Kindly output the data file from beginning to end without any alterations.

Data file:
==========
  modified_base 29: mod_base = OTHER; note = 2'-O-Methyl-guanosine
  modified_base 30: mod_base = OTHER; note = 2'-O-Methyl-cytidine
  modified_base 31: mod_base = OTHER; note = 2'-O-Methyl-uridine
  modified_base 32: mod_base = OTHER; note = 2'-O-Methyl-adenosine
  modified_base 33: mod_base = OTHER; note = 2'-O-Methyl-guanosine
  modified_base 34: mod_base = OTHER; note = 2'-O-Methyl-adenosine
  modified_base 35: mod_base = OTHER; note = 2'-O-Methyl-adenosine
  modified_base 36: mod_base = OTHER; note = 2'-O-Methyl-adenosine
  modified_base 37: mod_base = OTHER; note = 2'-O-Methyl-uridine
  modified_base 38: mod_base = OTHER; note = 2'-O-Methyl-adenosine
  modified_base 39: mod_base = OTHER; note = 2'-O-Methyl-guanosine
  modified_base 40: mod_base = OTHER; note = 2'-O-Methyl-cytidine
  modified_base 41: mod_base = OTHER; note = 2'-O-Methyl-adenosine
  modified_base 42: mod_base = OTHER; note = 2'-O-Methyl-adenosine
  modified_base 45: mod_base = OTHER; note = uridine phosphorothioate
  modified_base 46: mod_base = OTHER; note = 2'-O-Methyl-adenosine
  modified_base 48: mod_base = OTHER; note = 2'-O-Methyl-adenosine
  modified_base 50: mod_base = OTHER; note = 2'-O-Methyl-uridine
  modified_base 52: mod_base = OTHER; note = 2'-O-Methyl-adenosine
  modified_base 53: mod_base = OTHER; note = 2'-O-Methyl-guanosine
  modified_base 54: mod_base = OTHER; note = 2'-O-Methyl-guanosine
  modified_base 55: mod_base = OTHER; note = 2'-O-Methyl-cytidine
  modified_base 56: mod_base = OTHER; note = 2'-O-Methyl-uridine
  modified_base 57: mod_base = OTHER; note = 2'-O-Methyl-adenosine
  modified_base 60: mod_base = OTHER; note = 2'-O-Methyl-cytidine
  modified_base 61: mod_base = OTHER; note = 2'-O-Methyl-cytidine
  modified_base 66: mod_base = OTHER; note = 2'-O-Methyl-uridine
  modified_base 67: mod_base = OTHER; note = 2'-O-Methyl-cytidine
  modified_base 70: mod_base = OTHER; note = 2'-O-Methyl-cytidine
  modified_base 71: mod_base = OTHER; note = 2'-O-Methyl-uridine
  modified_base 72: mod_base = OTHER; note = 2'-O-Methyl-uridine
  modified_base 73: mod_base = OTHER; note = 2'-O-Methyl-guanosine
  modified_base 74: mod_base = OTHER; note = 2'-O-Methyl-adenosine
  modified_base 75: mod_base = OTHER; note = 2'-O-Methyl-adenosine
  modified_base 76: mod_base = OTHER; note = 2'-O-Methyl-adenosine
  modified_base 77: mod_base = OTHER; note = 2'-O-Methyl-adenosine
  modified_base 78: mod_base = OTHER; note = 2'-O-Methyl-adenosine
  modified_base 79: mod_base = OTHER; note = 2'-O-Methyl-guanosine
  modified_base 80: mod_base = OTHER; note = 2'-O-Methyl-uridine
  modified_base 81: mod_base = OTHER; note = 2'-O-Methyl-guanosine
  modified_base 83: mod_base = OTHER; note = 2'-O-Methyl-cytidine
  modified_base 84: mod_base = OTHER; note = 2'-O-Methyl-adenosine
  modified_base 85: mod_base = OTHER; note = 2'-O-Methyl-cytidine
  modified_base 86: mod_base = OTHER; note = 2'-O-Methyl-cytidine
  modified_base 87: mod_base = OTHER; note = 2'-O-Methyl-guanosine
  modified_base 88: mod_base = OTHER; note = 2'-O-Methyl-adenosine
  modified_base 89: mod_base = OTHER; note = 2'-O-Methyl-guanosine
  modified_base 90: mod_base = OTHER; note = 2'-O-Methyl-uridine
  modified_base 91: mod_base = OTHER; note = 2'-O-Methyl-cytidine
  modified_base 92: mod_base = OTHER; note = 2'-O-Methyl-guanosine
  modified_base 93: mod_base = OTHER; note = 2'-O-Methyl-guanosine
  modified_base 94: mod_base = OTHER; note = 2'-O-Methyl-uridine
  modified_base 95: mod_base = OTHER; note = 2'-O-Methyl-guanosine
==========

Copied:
  modified_base 29: mod_base = OTHER; note = 2'-O-Methyl-guanosine
  modified_base 30: mod_base = OTHER; note = 2'-O-Methyl-cytidine
  modified_base 31: mod_base = OTHER; note = 2'-O-Methyl-uridine
  modified_base 32: mod_base = OTHER; note = 2'-O-Methyl-adenosine
  modified_base 33: mod_base = OTHER; note = 2'-O-Methyl-guanosine
  modified_base 34: mod_base = OTHER; note = 2'-O-Methyl-adenosine
  modified_base 35: mod_base = OTHER; note = 2'-O-Methyl-adenosine
  modified_base 36: mod_base = OTHER; note = 2'-O-Methyl-adenosine
  modified_base 37: mod_base = OTHER; note = 2'-O-Methyl-uridine
  modified_base 38: mod_base = OTHER; note = 2'-O-Methyl-adenosine
  modified_base 39: mod_base = OTHER; note = 2'-O-Methyl-guanosine
  modified_base 40: mod_base = OTHER; note = 2'-O-Methyl-cytidine
  modified_base 41: mod_base = OTHER; note = 2'-O-Methyl-adenosine
  modified_base 42: mod_base = OTHER; note = 2'-O-Methyl-adenosine
  modified_base 45: mod_base = OTHER; note = uridine phosphorothioate
  modified_base 46: mod_base = OTHER; note = 2'-O-Methyl-adenosine
  modified_base 48: mod_base = OTHER; note = 2'-O-Methyl-adenosine
  modified_base 50: mod_base = OTHER; note = 2'-O-Methyl-uridine
  modified_base 52: mod_base = OTHER; note = 2'-O-Methyl-adenosine
  modified_base 53: mod_base = OTHER; note = 2'-O-Methyl-guanosine
  modified_base 54: mod_base = OTHER; note = 2'-O-Methyl-guanosine
  modified_base 55: mod_base = OTHER; note = 2'-O-Methyl-cytidine
  modified_base 56: mod_base = OTHER; note = 2'-O-Methyl-uridine
  modified_base 57: mod_base = OTHER; note = 2'-O-Methyl-adenosine
  modified_base 60: mod_base = OTHER; note = 2'-O-Methyl-cytidine
  modified_base 61: mod_base = OTHER; note = 2'-O-Methyl-cytidine
  modified_base 66: mod_base = OTHER; note = 2'-O-Methyl-uridine
  modified_base 67: mod_base = OTHER; note = 2'-O-Methyl-cytidine
  modified_base 70: mod_base = OTHER; note = 2'-O-Methyl-cytidine
  modified_base 71: mod_base = OTHER; note = 2'-O-Methyl-uridine
  modified_base 72: mod_base = OTHER; note = 2'-O-Methyl-uridine
  modified_base 73: mod_base = OTHER; note = 2'-O-Methyl-guanosine
  modified_base 74: mod_base = OTHER; note = 2'-O-Methyl-adenosine
  modified_base 75: mod_base = OTHER; note = 2'-O-Methyl-adenosine
  modified_base 76: mod_base = OTHER; note = 2'-O-Methyl-adenosine
  modified_base 77: mod_base = OTHER; note = 2'-O-Methyl-adenosine
  modified_base 78: mod_base = OTHER; note = 2'-O-Methyl-adenosine
  modified_base 79: mod_base = OTHER; note = 2'-O-Methyl-guanosine
  modified_base 80: mod_base = OTHER; note = 2'-O-Methyl-uridine
  modified_base 81: mod_base = OTHER; note = 2'-O-Methyl-guanosine
  modified_base 83: mod_base = OTHER; note = 2'-O-Methyl-cytidine
  modified_base 84: mod_base = OTHER; note = 2'-O-Methyl-adenosine
  modified_base 85: mod_base = OTHER; note = 2'-O-Methyl-cytidine
  modified_base 86: mod_base = OTHER; note = 2'-O-Methyl-cytidine
  modified_base 87: mod_base = OTHER; note = 2'-O-Methyl-guanosine
  modified_base 88: mod_base = OTHER; note = 2'-O-Methyl-adenosine
  modified_base 89: mod_base = OTHER; note = 2'-O-Methyl-guanosine
  modified_base 90: mod_base = OTHER; note = 2'-O-Methyl-uridine
  modified_base 91: mod_base = OTHER; note = 2'-O-Methyl-cytidine
  modified_base 92: mod_base = OTHER; note = 2'-O-Methyl-guanosine
  modified_base 93: mod_base = OTHER; note = 2'-O-Methyl-guanosine
  modified_base 94: mod_base = OTHER; note = 2'-O-Methyl-uridine
  modified_base 95: mod_base = OTHER; note = 2'-O-Methyl-guanosine